The Issue: Limited Access to Chicago’s Dance Performances
In an interview with the Associated Press, Mayor Rahm Emanuel was quoted last year proclaiming that he wants Chicago to become the “heartbeat of dance for the entire country," and that the city’s theater district features a plethora of internationally renowned professional dance companies. However, such performances are prohibitively expensive for many Chicagoans. Furthermore, only 4% of Chicago public elementary schools offer dance as a discipline, according to a survey of Chicago public schools by the Chicago Community Trust. Therefore, many of the city’s residents face very limited access to dance exposure.
The Campaign: Fund Free Outdoor Dance Performance
If this Grassroots campaign raises $900, then Dance in the Parks can fund one public outdoor dance performance. Each additional $900 raised will fund another public performance. Dance in the Parks' 2012 season includes six performances in neighborhood parks across the city and in the suburbs. However, the organization still needs additional funding to cover the costs of performance fees for the dancers and technicians, flooring, lights and sound-system rentals, costumes, and a truck to transport everything to each location.
You can follow the progress of this and other Grassroots campaigns at the Groupon Grassroots website.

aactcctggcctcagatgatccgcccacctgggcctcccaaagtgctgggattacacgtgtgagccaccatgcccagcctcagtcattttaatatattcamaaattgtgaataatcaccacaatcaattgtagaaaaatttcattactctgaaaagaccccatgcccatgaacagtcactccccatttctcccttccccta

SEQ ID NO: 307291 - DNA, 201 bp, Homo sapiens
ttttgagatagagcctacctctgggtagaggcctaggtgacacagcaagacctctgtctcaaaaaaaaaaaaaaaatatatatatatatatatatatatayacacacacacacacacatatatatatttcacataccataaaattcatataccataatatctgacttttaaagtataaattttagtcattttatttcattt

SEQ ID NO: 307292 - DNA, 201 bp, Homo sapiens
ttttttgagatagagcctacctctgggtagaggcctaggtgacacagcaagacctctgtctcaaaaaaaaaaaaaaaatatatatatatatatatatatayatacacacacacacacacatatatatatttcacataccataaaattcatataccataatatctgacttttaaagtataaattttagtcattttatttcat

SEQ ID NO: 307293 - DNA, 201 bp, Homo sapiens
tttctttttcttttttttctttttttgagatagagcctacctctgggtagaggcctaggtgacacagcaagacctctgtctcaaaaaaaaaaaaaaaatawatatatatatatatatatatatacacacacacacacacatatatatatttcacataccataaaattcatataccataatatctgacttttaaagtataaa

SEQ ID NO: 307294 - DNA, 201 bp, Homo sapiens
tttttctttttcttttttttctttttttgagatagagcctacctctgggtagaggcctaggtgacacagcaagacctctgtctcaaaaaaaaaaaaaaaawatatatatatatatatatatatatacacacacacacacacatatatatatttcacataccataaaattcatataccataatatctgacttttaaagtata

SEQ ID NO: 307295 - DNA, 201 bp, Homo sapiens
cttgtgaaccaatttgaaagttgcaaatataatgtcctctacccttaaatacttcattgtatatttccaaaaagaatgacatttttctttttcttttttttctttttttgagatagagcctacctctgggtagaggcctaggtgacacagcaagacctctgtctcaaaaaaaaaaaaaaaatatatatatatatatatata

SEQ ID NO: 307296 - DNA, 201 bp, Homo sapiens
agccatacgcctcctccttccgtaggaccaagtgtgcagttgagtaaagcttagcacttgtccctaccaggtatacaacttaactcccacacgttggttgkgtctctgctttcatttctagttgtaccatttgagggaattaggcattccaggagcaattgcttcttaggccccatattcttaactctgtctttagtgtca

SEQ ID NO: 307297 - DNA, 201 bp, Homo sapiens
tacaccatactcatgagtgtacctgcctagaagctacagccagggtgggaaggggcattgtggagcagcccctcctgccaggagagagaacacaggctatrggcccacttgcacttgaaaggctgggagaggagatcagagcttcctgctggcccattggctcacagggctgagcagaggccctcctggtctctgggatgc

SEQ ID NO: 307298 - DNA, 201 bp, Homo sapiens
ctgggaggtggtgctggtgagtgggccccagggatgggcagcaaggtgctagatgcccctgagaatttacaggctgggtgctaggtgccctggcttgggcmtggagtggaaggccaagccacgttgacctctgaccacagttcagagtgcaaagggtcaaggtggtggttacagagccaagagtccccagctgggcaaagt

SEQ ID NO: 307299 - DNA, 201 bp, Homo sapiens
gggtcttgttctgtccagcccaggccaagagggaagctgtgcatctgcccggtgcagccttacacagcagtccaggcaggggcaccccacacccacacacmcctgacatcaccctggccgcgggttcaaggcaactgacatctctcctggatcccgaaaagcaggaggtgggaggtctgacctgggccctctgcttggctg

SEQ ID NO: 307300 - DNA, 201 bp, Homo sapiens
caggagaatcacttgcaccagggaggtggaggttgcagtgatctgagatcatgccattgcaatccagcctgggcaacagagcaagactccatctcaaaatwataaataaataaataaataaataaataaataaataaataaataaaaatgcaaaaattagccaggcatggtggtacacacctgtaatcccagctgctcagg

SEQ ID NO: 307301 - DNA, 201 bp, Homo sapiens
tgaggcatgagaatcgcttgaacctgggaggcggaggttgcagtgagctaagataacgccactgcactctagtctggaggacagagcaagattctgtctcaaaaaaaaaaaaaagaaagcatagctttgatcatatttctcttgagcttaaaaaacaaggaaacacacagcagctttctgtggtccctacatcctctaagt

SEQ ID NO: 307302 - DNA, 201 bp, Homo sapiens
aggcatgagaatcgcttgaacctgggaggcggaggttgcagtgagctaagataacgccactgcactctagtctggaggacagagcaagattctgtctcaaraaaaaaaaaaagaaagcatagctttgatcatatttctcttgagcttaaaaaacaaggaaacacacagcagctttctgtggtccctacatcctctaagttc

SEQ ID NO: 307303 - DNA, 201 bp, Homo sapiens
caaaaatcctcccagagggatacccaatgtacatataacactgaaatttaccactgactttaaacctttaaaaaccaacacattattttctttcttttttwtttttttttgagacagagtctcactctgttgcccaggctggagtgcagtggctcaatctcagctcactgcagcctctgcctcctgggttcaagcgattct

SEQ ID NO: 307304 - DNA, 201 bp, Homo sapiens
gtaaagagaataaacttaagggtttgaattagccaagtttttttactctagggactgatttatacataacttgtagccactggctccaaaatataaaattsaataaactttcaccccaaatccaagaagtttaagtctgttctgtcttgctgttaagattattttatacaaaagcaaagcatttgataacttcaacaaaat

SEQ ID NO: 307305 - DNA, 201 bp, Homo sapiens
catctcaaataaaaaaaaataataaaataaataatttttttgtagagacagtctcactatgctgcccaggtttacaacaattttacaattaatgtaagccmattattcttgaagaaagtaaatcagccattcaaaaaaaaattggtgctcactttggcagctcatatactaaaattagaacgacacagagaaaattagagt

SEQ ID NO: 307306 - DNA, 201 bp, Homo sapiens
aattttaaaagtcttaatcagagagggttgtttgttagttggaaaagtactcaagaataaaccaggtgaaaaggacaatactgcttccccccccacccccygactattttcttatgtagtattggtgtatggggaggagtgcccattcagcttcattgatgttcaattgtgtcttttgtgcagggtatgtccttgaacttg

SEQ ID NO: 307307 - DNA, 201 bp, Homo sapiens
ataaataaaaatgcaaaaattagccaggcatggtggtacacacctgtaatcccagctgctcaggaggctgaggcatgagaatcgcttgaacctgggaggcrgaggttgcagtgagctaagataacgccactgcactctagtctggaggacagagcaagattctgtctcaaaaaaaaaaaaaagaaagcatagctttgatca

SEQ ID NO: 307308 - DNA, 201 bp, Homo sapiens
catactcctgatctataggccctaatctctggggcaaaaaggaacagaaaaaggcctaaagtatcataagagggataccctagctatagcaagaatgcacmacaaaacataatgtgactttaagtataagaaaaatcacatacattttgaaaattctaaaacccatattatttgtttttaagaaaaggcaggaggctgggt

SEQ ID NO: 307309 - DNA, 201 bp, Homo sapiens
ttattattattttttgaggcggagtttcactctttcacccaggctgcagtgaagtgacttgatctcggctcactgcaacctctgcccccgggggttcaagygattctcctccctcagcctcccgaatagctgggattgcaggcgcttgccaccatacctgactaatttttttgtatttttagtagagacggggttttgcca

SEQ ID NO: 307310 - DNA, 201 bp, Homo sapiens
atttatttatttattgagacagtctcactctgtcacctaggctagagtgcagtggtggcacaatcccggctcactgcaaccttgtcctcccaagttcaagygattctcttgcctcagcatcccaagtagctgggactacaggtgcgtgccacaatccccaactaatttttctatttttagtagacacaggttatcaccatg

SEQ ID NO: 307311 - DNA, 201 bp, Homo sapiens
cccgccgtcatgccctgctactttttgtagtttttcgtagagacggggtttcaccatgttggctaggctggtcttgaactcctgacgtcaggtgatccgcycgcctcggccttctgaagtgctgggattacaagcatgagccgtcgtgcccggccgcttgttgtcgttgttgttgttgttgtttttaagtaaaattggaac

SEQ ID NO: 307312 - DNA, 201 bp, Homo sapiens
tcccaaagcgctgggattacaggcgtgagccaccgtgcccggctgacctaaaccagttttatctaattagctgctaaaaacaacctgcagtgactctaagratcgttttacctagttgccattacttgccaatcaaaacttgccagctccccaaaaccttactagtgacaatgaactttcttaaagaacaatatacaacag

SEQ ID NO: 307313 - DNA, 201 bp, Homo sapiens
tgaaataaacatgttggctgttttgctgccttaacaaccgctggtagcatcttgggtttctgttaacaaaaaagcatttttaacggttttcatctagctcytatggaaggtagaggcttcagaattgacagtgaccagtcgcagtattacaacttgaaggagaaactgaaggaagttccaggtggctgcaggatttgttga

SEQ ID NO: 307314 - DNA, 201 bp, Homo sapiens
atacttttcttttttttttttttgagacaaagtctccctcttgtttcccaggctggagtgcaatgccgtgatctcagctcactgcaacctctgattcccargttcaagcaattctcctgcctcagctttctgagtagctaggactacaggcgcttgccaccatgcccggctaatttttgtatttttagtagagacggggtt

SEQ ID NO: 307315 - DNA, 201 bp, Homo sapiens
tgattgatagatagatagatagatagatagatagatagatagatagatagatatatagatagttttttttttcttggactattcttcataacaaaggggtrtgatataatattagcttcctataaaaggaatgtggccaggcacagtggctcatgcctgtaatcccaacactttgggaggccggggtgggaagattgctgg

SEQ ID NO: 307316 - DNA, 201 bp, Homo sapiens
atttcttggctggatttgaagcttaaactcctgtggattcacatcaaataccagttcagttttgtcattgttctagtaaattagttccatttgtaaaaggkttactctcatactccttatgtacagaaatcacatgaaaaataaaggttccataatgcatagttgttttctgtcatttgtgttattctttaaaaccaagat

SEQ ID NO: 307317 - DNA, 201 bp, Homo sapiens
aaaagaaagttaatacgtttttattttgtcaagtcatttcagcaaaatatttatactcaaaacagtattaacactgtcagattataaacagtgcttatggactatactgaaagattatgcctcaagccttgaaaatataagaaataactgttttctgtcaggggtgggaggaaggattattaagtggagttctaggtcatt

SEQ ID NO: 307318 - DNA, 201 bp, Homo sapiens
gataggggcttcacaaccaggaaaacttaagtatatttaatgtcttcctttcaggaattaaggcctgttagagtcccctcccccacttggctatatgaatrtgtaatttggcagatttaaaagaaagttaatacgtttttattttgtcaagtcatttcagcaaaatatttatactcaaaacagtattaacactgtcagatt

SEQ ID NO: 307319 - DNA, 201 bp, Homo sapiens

Dance in the Parks
Dance in the Parks creates opportunities for underserved audiences in Chicago to experience the breadth and depth of professional dance performances that the city has to offer outside of the traditional theater setting. The organization’s three-person board works with Chicago choreographers and a team of dancers to put on one-hour shows with 17 days of rehearsal. They perform the shows in public parks for neighborhood audiences during two weeks in July, and audiences can bring their families, picnic, and enjoy the dancing for free. The first act features dancers pulled from local youth companies to establish connections between the audience members and accessible dance organizations, while the second act features professional, adult dancers. In order to make the performances financially feasible, Dance in the Parks borrows equipment and costumes from professional contacts, and prepares stages from scratch in public spaces.
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